Despite the handbook's explicit statement that any waiver or reduction in the application of prior service credit should be initiated by the faculty member and "agreed upon" by FDU and the professor in writing "at the time of initial appointment," it is undisputed that no such written request was submitted and no agreement was reached in plaintiff's case. Instead, FDU and plaintiff embarked upon the routine evaluations performed as to any new associate professor. The Departmental Peer Review Committee (DPRC) reviewed plaintiff's performance on November 29, 1999, near the end of her first semester of teaching, and voted unanimously to recommend the continuation of plaintiff's contract for the 2000-2001 term, as did the College Personnel Review Committee (CPRC). On February 10, 2000, Lerman signed the FDU "Faculty Action Sheet" already executed by the committee chairpersons; it indicated that plaintiff was credited with zero years of prior service.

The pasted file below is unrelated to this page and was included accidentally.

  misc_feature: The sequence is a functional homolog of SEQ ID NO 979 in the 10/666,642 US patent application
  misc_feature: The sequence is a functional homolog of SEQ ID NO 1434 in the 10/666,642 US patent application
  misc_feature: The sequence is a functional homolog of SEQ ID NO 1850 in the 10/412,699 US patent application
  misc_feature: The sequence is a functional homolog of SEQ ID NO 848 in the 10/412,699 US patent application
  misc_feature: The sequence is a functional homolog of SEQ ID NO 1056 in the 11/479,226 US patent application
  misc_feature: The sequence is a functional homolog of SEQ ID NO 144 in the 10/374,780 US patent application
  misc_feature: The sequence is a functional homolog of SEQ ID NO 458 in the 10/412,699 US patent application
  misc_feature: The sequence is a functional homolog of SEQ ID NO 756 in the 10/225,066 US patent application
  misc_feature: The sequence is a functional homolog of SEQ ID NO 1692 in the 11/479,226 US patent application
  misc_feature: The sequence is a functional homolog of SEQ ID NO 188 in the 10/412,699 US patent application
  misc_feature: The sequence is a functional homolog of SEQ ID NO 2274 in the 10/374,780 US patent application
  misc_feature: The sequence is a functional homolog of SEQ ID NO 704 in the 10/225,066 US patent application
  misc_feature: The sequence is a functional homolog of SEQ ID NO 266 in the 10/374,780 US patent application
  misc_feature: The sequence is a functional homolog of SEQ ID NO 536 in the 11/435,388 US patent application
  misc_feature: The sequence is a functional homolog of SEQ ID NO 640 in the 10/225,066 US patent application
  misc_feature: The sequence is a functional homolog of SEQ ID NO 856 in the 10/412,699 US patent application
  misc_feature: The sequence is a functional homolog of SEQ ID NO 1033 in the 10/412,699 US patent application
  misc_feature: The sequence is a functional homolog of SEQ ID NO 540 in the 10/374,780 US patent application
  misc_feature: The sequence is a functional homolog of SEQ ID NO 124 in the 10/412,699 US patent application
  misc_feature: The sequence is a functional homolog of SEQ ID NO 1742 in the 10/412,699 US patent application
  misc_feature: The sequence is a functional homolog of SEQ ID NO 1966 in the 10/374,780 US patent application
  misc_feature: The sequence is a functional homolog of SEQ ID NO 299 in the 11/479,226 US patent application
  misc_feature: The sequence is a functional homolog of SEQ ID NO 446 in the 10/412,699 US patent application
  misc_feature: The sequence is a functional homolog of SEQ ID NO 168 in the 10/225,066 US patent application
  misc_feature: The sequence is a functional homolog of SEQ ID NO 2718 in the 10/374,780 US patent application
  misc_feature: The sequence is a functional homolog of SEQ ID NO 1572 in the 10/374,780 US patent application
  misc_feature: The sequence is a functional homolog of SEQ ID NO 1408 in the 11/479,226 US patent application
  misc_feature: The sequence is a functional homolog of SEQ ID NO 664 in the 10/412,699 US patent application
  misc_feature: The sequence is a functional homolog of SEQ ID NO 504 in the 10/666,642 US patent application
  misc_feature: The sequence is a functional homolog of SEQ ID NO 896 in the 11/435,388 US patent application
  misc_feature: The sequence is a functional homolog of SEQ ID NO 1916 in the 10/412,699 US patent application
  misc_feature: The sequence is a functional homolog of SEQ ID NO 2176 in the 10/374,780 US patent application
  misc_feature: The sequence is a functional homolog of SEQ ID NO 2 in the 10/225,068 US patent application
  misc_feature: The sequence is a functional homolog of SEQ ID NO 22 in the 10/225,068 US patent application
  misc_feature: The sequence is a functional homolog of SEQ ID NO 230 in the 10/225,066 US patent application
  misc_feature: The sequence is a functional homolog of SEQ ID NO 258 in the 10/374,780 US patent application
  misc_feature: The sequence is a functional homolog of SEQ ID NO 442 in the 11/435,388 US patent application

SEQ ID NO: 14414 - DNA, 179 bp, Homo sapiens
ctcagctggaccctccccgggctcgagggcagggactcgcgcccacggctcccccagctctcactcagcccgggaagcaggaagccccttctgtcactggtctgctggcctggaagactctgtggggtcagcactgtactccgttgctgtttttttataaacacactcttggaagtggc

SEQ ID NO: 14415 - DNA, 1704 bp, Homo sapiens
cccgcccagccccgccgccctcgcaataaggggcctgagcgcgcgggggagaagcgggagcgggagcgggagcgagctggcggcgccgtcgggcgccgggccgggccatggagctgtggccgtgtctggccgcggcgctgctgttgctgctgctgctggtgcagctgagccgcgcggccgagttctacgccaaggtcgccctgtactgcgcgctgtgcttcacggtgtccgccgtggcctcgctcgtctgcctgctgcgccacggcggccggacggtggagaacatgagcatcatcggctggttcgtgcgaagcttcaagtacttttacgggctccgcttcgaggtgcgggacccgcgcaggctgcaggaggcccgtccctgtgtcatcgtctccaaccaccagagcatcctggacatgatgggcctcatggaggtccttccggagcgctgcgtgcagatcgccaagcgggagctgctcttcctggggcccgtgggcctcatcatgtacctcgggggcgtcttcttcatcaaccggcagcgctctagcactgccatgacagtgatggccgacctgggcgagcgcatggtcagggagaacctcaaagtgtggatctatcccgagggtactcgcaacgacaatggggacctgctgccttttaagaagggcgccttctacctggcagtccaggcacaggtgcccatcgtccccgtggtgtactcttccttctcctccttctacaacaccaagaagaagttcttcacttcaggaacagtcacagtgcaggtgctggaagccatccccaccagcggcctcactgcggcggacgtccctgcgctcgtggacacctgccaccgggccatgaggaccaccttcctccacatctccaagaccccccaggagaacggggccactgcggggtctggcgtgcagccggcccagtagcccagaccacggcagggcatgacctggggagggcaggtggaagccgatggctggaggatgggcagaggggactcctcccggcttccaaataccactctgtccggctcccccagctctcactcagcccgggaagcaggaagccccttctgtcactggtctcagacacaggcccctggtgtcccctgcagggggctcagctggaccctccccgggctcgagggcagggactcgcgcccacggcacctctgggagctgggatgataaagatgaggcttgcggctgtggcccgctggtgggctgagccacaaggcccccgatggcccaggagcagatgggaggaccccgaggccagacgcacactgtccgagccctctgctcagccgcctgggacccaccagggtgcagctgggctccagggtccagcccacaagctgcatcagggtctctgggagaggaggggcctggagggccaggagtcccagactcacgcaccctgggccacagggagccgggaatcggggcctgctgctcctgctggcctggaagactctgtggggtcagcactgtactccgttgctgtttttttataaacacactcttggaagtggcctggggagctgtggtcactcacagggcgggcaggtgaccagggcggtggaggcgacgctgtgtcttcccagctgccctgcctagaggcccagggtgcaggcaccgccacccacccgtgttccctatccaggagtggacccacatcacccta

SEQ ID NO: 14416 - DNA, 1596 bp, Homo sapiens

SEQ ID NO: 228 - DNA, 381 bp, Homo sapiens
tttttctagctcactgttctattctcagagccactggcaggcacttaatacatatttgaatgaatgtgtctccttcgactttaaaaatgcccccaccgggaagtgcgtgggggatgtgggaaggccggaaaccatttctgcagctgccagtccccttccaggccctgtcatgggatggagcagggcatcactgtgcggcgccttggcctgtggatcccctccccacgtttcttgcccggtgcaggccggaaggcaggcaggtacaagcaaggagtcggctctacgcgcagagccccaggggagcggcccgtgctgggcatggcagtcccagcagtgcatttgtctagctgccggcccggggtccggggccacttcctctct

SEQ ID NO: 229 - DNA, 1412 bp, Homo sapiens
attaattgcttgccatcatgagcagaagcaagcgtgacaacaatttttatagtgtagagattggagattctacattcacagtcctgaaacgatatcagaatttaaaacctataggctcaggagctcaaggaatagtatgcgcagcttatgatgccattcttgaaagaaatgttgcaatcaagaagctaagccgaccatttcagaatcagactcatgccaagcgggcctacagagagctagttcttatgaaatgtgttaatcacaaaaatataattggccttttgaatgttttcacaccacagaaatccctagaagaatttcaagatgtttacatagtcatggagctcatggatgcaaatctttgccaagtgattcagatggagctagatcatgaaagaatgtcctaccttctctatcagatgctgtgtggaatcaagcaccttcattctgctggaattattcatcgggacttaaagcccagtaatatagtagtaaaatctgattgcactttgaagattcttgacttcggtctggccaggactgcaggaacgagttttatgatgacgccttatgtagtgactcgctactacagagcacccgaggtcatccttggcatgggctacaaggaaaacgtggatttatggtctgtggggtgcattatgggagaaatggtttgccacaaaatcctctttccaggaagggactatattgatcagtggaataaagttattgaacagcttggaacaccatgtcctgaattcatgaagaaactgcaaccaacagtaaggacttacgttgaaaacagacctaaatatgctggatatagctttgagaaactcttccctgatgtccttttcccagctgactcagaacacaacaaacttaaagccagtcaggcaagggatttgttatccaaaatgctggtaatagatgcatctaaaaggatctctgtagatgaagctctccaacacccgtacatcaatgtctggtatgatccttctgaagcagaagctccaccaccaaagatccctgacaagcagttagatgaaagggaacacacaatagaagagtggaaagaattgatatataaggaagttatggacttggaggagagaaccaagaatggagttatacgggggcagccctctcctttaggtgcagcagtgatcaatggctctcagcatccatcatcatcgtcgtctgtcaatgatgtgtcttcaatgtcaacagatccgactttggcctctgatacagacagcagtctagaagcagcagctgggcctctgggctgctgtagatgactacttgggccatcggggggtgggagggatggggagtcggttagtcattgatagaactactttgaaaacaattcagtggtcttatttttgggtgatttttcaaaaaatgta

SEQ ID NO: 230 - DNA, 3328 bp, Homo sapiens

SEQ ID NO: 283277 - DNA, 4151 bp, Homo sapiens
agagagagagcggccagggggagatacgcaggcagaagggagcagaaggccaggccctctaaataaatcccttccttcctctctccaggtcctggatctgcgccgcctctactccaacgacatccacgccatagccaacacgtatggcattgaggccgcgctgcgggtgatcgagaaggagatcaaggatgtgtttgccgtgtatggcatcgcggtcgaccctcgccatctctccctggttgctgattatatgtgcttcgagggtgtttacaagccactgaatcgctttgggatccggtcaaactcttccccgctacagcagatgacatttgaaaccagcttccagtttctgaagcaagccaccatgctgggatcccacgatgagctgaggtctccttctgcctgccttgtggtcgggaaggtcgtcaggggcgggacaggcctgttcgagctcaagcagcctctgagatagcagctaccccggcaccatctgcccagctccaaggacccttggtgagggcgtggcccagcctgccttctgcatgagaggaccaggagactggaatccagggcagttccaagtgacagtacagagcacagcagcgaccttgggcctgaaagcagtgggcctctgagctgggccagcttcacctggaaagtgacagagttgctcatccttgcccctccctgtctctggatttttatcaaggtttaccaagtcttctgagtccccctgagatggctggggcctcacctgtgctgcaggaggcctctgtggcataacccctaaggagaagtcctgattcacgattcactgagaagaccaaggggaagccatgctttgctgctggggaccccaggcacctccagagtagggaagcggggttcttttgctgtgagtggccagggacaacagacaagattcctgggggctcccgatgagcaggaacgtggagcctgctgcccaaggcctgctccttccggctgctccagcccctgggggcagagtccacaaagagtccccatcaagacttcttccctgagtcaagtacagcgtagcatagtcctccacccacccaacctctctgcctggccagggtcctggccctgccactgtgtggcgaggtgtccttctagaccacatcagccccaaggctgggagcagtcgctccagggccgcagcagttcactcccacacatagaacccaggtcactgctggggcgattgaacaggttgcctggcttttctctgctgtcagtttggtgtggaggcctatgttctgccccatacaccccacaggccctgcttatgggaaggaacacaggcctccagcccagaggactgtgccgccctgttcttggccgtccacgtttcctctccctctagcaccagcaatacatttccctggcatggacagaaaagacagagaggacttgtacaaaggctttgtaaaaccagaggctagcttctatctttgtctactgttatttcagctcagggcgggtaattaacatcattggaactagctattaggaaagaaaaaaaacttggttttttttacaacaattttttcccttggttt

In his February 14, 2000 cover letter to plaintiff, Lerman enclosed his recommendation and that of the CPRC; he requested plaintiff "contact [him] immediately" if there was "a misstatement of fact or if [she] ha[d] any questions." Despite the faculty action sheet's notation to the contrary, Lerman's recommendation memo that accompanied his cover letter to plaintiff clearly indicated that plaintiff had "[three] [y]ears [p]rior [s]ervice." In his deposition, Lerman claimed that the contradiction was an "inconsistency" and noted that ...